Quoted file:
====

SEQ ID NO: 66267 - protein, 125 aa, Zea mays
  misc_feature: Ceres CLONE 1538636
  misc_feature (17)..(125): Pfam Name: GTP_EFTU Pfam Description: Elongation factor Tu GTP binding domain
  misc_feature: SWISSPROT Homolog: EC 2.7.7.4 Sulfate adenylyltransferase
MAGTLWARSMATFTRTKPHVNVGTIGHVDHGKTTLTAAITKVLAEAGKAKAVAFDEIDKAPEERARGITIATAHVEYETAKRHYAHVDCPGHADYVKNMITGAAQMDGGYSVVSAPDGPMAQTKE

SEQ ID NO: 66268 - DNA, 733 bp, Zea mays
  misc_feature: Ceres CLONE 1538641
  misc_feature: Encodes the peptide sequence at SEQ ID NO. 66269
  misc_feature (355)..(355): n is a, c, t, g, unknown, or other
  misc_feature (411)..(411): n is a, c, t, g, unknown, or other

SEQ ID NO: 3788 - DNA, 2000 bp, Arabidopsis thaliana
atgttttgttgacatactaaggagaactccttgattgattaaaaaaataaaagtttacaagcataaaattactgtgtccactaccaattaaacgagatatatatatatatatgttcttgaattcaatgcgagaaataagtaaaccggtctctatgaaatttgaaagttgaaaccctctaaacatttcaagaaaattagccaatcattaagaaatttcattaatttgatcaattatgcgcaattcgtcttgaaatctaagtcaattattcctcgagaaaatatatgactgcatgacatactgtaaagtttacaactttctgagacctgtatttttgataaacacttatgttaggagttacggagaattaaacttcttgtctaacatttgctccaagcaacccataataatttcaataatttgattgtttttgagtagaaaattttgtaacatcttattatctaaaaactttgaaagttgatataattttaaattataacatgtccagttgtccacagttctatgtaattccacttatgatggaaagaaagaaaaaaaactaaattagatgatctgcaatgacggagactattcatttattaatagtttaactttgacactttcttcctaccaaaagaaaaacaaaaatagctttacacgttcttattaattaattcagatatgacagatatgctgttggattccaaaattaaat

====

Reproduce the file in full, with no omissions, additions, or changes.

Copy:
SEQ ID NO: 66267 - protein, 125 aa, Zea mays
  misc_feature: Ceres CLONE 1538636
  misc_feature (17)..(125): Pfam Name: GTP_EFTU Pfam Description: Elongation factor Tu GTP binding domain
  misc_feature: SWISSPROT Homolog: EC 2.7.7.4 Sulfate adenylyltransferase
MAGTLWARSMATFTRTKPHVNVGTIGHVDHGKTTLTAAITKVLAEAGKAKAVAFDEIDKAPEERARGITIATAHVEYETAKRHYAHVDCPGHADYVKNMITGAAQMDGGYSVVSAPDGPMAQTKE

SEQ ID NO: 66268 - DNA, 733 bp, Zea mays
  misc_feature: Ceres CLONE 1538641
  misc_feature: Encodes the peptide sequence at SEQ ID NO. 66269
  misc_feature (355)..(355): n is a, c, t, g, unknown, or other
  misc_feature (411)..(411): n is a, c, t, g, unknown, or other

SEQ ID NO: 3788 - DNA, 2000 bp, Arabidopsis thaliana
atgttttgttgacatactaaggagaactccttgattgattaaaaaaataaaagtttacaagcataaaattactgtgtccactaccaattaaacgagatatatatatatatatgttcttgaattcaatgcgagaaataagtaaaccggtctctatgaaatttgaaagttgaaaccctctaaacatttcaagaaaattagccaatcattaagaaatttcattaatttgatcaattatgcgcaattcgtcttgaaatctaagtcaattattcctcgagaaaatatatgactgcatgacatactgtaaagtttacaactttctgagacctgtatttttgataaacacttatgttaggagttacggagaattaaacttcttgtctaacatttgctccaagcaacccataataatttcaataatttgattgtttttgagtagaaaattttgtaacatcttattatctaaaaactttgaaagttgatataattttaaattataacatgtccagttgtccacagttctatgtaattccacttatgatggaaagaaagaaaaaaaactaaattagatgatctgcaatgacggagactattcatttattaatagtttaactttgacactttcttcctaccaaaagaaaaacaaaaatagctttacacgttcttattaattaattcagatatgacagatatgctgttggattccaaaattaaat